On average, about 53% of companies found 1000 sensitive files accessible to every employee. Insider leaks could expose your company to bad press and expensive lawsuits. Limit employee access to sensitive data and automate secure cloud storage. After terminating an employee’s contract, disable all passwords and emails.

Sign #4: Customer payment dispute

Customer payment disputes aren’t strange news to companies that offer products and services. Mistakes happen. But what if most of your customers have problems with their transactions? You’re probably dealing with a case of embezzlement. If your customers keep getting charged for a bill they previously paid, consider inspecting your records.

If your vendors also keep sending reminders for a subscription you previously sorted, there’s a possibility of a fraudulent scheme happening in your organization. Lapping schemes happen when customers get assigned incorrect payments to cover up a stolen one. Again, consider automating your deposits instead of manually signing checks and writing invoices. Payment software enables you to send and track payments without having to worry about fraud.

Sign #5: Addiction problems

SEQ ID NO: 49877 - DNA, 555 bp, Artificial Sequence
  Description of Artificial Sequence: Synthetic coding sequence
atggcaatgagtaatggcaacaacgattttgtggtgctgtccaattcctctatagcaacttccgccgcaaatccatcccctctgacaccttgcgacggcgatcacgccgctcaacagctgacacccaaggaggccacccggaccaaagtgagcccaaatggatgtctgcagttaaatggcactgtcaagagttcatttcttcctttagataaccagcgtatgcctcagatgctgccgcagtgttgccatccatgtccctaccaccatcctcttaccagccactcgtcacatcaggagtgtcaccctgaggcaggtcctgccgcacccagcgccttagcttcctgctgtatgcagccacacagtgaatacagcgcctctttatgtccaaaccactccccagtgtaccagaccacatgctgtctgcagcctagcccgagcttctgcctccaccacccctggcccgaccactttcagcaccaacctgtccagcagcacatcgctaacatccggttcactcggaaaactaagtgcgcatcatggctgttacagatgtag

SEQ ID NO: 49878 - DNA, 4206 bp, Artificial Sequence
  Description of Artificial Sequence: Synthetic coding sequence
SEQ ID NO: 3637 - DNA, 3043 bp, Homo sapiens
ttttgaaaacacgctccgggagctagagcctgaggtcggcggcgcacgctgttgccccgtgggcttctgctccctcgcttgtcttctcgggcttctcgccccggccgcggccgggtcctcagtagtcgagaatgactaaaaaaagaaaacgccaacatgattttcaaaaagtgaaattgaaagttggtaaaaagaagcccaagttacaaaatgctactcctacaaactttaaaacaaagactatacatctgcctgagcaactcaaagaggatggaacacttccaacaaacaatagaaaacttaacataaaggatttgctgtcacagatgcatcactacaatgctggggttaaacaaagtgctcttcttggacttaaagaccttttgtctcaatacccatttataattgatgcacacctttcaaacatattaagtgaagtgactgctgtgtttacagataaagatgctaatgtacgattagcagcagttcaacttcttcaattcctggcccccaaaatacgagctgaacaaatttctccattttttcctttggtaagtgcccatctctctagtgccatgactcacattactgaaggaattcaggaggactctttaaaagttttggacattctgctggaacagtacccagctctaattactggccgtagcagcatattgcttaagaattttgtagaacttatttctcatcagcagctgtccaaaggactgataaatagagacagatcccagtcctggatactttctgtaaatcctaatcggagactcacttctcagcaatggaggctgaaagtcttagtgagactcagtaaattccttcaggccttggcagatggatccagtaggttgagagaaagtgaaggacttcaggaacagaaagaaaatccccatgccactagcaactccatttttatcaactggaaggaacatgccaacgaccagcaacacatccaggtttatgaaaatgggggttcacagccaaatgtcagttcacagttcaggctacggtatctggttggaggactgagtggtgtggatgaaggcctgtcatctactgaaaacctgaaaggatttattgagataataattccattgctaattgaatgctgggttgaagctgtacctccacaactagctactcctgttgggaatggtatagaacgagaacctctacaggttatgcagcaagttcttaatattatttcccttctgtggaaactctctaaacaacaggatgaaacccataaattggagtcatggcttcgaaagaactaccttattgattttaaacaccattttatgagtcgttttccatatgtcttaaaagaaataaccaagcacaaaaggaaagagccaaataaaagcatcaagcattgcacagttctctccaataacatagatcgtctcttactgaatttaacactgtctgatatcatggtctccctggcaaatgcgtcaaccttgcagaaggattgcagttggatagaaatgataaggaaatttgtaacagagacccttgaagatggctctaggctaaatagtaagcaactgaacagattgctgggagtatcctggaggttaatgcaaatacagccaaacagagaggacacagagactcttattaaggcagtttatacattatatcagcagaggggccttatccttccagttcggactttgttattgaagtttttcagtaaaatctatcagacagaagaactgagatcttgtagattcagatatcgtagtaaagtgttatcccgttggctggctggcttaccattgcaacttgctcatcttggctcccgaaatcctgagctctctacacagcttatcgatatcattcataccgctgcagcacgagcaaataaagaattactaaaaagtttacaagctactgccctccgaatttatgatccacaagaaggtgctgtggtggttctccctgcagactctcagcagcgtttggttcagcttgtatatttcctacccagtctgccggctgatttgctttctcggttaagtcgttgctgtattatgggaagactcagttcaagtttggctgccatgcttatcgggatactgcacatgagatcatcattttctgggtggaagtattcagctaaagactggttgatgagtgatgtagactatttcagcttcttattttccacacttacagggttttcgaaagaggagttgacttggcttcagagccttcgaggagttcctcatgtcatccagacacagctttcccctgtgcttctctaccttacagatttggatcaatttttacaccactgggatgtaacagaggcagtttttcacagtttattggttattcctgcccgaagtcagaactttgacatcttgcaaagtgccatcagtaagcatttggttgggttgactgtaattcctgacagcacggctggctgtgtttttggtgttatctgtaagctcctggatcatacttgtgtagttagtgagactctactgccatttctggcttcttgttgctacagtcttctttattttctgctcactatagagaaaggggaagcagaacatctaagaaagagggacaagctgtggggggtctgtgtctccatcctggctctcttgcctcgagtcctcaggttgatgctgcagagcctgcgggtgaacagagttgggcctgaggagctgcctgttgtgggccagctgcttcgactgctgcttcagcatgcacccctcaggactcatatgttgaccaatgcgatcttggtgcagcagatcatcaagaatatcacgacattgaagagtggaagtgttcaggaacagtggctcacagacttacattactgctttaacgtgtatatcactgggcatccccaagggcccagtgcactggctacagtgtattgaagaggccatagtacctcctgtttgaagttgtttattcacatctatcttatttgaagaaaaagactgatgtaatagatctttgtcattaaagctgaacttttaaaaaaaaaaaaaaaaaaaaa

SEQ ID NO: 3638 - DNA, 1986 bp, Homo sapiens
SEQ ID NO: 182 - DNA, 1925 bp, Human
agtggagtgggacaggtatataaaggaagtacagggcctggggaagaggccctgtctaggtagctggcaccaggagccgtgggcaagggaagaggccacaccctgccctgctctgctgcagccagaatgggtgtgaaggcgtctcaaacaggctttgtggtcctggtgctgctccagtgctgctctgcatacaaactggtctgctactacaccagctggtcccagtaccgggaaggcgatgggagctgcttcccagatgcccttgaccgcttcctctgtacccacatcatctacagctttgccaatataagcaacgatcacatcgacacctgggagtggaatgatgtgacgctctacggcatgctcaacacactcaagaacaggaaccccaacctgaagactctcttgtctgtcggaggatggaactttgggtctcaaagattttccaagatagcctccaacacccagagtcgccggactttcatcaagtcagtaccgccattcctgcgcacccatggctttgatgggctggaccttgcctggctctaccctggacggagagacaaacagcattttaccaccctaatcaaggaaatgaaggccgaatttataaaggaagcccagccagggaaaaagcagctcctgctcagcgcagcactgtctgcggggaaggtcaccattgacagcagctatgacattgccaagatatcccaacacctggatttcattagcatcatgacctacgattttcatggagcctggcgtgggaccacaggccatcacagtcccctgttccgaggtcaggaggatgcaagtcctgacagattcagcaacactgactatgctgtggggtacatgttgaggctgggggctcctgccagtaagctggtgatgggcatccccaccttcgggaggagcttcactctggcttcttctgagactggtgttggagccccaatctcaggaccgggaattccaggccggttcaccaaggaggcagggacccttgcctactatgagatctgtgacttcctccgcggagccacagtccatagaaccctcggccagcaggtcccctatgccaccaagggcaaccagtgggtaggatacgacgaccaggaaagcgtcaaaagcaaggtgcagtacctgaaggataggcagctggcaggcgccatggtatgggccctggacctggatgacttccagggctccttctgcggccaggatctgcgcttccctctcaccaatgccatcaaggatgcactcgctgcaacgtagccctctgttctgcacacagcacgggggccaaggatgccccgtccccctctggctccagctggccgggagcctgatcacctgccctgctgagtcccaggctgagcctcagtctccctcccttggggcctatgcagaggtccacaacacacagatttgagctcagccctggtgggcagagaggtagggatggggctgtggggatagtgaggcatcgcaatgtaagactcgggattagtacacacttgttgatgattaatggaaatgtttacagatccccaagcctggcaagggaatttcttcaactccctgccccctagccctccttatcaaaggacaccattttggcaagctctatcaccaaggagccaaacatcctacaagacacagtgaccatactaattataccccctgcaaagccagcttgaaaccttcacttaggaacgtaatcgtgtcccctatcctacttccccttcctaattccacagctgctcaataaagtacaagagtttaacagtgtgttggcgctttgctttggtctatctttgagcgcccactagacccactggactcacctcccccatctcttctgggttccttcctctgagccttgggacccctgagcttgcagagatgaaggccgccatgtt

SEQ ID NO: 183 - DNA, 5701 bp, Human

Fraud examiners believe that three factors cause people to commit fraud–opportunity, pressure, and rationalization. First, an unsharable financial problem causes them to consider illegal solutions like cash theft or fraud. Some of these problems could range from debt to addiction problems like drugs, gambling, and compulsive shopping.

People with addiction problems don’t start with intentions to steal. However, these habits cause severe debt that sometimes makes them turn to illegal means for sustenance. Re-assign employees battling addictions from safety-sensitive duties and follow up with company policy-directed action.

Sign #6: Long absence

Many people who commit white-collar fraud have little to no criminal history. However, the perceived opportunity to solve their problem causes them to abuse their position. To maintain the facade of innocence, they need to keep their activities secret.

Health concerns and family issues legitimately cause a long absence from work. Well, if your employee keeps coming up with endless excuses to stay away from work, they possibly have something to hide. Other signs include a sudden urge to work independently and a strange influx of unfamiliar guests and vehicles.

Sign #7: Frequent missing or damaged products

Successful businesses maintain a standard audit and inventory system. Without these two, you can’t achieve customer satisfaction. What if customers still complain of damaged products after you’ve sorted your product quality?

There’s a chance someone is swapping your products for substantial alternatives. Here, an employee steals the product, sells it for a higher price, and replaces it with a damaged one. If they’re too sloppy to bother with a replacement, you’ll find your stock dwindling faster than you planned.